"When you think 'Geisha' you think 'hooker' right?" said my sister when she gave me this book.

I never thought that, but I never fully understood the tradition. This book exposed me to this unique character in history and also gave me some insight into the traditional performing arts in Japan. The details in descriptions of the kimonos and make-up etc were exquisite and the stark contrasts between beauty and ugliness in character as well as physical appearance are excellent. This book also made me re-evaluate some of the modern interactions between men and women in Japan.

I did not find this book extraordinarily written as far as the plot was concerned but Golden does paint some interesting images:

"I felt as if I had fallen into a tub of creatures that where biting me everywhere"

and

"It says a great deal about how civilized we human beings are, that a young girl can willingly sit and allow a grown man to comb wax through her hair without doing anything more than whimpering quietly to herself. If you tried such a thing with a dog, it would bite you so much you'd be able to see through your hands."

I found the book a bit campy in parts, like the "translator's note" at the beginning where the fictional translator adds validity to the fictional memoir. The ending was also abrupt and totally different from the rest of the book.

Golden based the book on interviews he conducted in 1992 with Mineko Iwasaki, a retired geisha who had been the geisha equivalent of a superstar in the 1960s and 1970s, who was even hired by the government to entertain guests like the Queen of Great Britain.

A few days ago, Iwasaki filed a lawsuit against Golden and his publisher, on two points:

  • She claims she had only agreed to the interviews because she was promised anonymity, and Golden broke that promise by naming her in the acknowledgements of the book.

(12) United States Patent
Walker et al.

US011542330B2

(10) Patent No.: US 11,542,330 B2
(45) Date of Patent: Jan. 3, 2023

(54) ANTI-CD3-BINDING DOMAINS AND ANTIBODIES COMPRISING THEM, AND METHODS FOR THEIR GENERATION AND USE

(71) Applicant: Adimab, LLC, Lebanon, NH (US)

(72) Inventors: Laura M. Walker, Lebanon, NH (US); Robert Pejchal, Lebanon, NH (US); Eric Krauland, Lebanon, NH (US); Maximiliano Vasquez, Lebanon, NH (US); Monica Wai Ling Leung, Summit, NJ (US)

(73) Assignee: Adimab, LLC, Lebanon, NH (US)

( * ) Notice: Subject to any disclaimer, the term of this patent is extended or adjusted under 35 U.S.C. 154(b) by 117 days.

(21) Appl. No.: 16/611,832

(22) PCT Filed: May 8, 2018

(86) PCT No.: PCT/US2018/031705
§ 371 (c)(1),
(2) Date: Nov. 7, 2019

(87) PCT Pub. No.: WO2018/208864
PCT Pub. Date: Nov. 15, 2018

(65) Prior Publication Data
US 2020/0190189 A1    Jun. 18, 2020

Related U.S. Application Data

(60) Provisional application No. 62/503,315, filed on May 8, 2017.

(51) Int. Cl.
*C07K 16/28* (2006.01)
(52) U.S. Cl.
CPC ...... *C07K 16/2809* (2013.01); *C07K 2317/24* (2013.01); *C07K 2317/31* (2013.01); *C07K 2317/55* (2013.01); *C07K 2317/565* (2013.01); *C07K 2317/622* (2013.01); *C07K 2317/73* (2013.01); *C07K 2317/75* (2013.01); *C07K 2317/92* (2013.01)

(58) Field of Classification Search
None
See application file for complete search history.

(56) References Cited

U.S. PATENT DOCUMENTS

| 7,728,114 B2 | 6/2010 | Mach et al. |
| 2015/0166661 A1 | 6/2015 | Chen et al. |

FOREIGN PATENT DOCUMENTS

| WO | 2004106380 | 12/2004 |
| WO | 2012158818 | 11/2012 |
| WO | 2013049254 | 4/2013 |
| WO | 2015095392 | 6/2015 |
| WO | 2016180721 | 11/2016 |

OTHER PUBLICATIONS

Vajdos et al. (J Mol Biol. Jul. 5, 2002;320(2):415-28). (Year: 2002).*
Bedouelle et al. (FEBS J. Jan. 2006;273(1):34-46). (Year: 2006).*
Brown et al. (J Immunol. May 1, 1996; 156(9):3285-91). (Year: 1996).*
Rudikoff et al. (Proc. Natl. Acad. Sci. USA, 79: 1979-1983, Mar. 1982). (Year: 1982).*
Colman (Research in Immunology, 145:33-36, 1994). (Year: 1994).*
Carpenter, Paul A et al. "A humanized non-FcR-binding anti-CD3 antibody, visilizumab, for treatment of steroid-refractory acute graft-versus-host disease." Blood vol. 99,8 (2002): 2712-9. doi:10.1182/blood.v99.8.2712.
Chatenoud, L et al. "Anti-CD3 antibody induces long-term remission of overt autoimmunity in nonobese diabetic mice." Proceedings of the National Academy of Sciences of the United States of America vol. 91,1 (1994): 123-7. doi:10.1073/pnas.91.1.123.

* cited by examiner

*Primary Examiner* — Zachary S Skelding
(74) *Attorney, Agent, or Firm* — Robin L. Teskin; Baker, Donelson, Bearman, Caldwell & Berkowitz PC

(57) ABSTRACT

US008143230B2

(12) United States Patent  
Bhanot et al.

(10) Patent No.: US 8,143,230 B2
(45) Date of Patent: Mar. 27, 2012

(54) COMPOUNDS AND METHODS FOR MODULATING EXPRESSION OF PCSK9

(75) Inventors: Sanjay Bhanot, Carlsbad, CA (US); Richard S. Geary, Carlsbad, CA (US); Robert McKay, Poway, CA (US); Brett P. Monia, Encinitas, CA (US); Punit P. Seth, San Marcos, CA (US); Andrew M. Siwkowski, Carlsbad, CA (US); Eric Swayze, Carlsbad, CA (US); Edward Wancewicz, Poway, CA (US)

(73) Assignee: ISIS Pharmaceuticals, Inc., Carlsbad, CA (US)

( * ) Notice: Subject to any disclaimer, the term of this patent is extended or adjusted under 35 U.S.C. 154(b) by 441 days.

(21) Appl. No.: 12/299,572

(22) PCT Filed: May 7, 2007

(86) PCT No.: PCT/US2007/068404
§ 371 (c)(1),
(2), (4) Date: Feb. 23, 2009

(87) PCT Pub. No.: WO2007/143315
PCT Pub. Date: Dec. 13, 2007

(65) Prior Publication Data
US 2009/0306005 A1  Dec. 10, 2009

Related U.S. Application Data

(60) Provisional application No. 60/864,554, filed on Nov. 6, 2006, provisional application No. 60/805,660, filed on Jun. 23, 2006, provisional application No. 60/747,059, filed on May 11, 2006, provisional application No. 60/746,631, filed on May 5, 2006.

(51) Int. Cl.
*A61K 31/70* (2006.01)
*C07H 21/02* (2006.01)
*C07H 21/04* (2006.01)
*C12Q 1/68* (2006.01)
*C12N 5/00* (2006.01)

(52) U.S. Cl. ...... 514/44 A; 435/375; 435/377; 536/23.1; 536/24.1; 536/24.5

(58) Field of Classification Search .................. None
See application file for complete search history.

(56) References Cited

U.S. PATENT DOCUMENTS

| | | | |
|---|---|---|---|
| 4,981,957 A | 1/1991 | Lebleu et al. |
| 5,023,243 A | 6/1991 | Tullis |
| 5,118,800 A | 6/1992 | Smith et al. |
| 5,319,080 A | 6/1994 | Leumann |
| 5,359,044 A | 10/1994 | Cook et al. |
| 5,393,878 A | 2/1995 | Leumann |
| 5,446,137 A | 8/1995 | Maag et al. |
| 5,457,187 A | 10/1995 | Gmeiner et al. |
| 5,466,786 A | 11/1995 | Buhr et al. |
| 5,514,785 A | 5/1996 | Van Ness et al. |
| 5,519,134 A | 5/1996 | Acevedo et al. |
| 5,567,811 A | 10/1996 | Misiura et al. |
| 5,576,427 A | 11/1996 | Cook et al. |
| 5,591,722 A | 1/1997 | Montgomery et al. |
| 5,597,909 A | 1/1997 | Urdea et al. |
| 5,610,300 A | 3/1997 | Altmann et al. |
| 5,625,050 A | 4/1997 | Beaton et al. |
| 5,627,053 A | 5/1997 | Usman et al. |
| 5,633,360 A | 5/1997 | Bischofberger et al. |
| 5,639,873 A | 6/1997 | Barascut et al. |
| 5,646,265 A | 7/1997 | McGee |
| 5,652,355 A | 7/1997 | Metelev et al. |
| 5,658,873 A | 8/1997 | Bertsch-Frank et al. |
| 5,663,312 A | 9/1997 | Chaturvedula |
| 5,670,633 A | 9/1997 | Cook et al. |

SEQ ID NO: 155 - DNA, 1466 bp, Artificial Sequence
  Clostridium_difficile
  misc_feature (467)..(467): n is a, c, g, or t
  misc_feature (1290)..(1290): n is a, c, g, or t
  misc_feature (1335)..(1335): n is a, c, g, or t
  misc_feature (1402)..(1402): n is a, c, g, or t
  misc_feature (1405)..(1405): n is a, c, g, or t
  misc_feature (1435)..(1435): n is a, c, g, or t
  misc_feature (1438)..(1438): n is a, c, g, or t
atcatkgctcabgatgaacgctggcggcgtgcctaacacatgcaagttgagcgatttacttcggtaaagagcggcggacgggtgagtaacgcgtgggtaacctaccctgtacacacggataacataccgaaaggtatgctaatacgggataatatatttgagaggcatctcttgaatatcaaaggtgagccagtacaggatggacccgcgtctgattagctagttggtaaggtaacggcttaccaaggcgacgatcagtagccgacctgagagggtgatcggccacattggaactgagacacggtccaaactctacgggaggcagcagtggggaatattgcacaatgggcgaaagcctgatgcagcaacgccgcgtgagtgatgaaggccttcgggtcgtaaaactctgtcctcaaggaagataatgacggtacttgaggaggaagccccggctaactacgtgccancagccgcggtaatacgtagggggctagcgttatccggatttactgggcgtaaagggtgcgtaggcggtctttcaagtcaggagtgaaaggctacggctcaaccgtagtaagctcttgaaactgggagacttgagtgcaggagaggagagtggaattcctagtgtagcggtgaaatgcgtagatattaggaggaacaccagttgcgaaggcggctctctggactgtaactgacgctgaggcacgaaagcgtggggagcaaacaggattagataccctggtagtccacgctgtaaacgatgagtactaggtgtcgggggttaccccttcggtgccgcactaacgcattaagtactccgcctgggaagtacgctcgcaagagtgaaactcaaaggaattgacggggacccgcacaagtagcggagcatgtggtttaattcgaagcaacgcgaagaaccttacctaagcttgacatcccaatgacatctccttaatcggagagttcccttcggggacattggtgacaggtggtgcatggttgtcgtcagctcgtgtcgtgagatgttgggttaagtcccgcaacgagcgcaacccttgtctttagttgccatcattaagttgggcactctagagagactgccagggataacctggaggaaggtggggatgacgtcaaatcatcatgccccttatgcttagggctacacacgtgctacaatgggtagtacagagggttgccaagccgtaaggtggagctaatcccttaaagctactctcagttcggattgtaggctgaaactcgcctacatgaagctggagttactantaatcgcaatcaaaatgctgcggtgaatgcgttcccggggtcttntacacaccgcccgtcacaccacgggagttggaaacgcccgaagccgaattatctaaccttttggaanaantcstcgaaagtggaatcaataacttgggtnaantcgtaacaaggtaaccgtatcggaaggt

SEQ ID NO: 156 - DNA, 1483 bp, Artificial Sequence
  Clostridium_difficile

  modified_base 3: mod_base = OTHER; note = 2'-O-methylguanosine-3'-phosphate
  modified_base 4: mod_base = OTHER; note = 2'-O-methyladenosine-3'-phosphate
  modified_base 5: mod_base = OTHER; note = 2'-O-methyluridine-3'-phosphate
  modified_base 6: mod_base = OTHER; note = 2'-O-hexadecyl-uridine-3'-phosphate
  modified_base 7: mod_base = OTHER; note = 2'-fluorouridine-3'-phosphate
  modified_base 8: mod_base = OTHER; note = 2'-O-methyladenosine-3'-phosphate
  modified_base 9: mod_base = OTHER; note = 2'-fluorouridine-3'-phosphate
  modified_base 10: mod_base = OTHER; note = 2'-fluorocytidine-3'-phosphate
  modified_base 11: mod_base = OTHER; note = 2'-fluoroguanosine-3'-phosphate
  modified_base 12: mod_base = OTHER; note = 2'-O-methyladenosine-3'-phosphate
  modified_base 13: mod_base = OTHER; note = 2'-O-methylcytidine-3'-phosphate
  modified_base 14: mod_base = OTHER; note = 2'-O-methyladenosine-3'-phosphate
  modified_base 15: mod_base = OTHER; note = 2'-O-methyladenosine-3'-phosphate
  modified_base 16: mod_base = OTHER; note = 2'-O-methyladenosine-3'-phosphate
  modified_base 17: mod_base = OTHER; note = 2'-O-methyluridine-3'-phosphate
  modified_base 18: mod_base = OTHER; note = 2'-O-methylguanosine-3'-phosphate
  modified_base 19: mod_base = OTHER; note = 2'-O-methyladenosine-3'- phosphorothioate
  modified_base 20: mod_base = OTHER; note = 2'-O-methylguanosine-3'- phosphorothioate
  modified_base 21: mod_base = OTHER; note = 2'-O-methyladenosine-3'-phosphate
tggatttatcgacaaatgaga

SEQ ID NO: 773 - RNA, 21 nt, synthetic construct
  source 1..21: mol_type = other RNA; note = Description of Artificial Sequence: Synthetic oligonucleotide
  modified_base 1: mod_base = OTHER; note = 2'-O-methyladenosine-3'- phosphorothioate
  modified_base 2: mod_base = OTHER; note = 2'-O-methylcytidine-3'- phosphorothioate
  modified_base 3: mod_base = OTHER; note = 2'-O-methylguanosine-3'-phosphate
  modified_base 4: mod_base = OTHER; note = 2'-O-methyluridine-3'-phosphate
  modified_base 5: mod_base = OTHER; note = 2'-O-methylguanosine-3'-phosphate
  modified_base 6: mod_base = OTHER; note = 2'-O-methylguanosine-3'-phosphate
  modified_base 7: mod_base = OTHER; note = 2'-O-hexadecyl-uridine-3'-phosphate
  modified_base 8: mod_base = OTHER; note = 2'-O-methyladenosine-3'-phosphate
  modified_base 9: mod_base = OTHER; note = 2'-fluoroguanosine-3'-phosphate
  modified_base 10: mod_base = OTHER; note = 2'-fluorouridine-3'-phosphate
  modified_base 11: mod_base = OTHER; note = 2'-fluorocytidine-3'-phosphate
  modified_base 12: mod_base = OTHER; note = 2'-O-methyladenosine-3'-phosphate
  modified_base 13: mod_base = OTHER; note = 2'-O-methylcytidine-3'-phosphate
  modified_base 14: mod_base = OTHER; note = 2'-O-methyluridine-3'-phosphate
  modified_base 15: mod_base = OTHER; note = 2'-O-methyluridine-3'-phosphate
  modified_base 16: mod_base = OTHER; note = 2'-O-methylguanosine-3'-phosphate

• She says Golden stained her personal honor by wrongly implying or outright stating that like the main character in the book, she had also been sold into a geisha house by her parents and that her virginity had ben auctioned in a mizuage ceremony.

In general, Iwasaki says the book vastly overemphasizes the sexual aspect of the geisha trade, especially by failing to make the distinction between the "real" geisha, who are mainly very high-class entertainers, and prostitutes trying to profit from their mystique by calling themselves geisha.

She has stated that she will use her friends and contacts to prevent the making of a movie based on the book (which is planned to be directed by Steven Spielberg) and will write her memoirs to correct the image presented in the book.

In Japanese society, geisha were the "career girls" of the pleasure quarters: performers and hostesses, they were traditionally distinguished from courtesans by their relative modesty of dress, mobility (they could entertain when and where convenient, not merely in their homes) and by the stipulation that they would not have sex with paying customers (union regs, don't ya know). From these three, it followed that any kind of relationship a customer might have with a geisha would be of the high-school romance variety: lots of intense talk about neutral subjects, lots of talk about what you could have done, if things were otherwise, lots of wisecracks and teasing...and no follow-through. To a nice middle-class samurai of the 19th century, the notion that this was no submissive housewife, nor a airheaded bimbo to be bought and bedded, but an exotic independent, met as an equal, and won over with intellect and charm was heady stuff. To that, there was always the possibility...just the outside chance....that she might, just might, if no one was looking, decide to bend the rules ... sometime in her off-hours? Perhaps even tonight... Meanwhile, she would play her little country samisen(made of a cat's tummy, I'd like to think of it as being from an old, and beloved cat), sing sweetly poignant romantic songs, dance a little, suggest and play silly, girlish games, and chitchat in the old-fashioned Kansai dialect about current events, or the painting on the wall, or the flowers...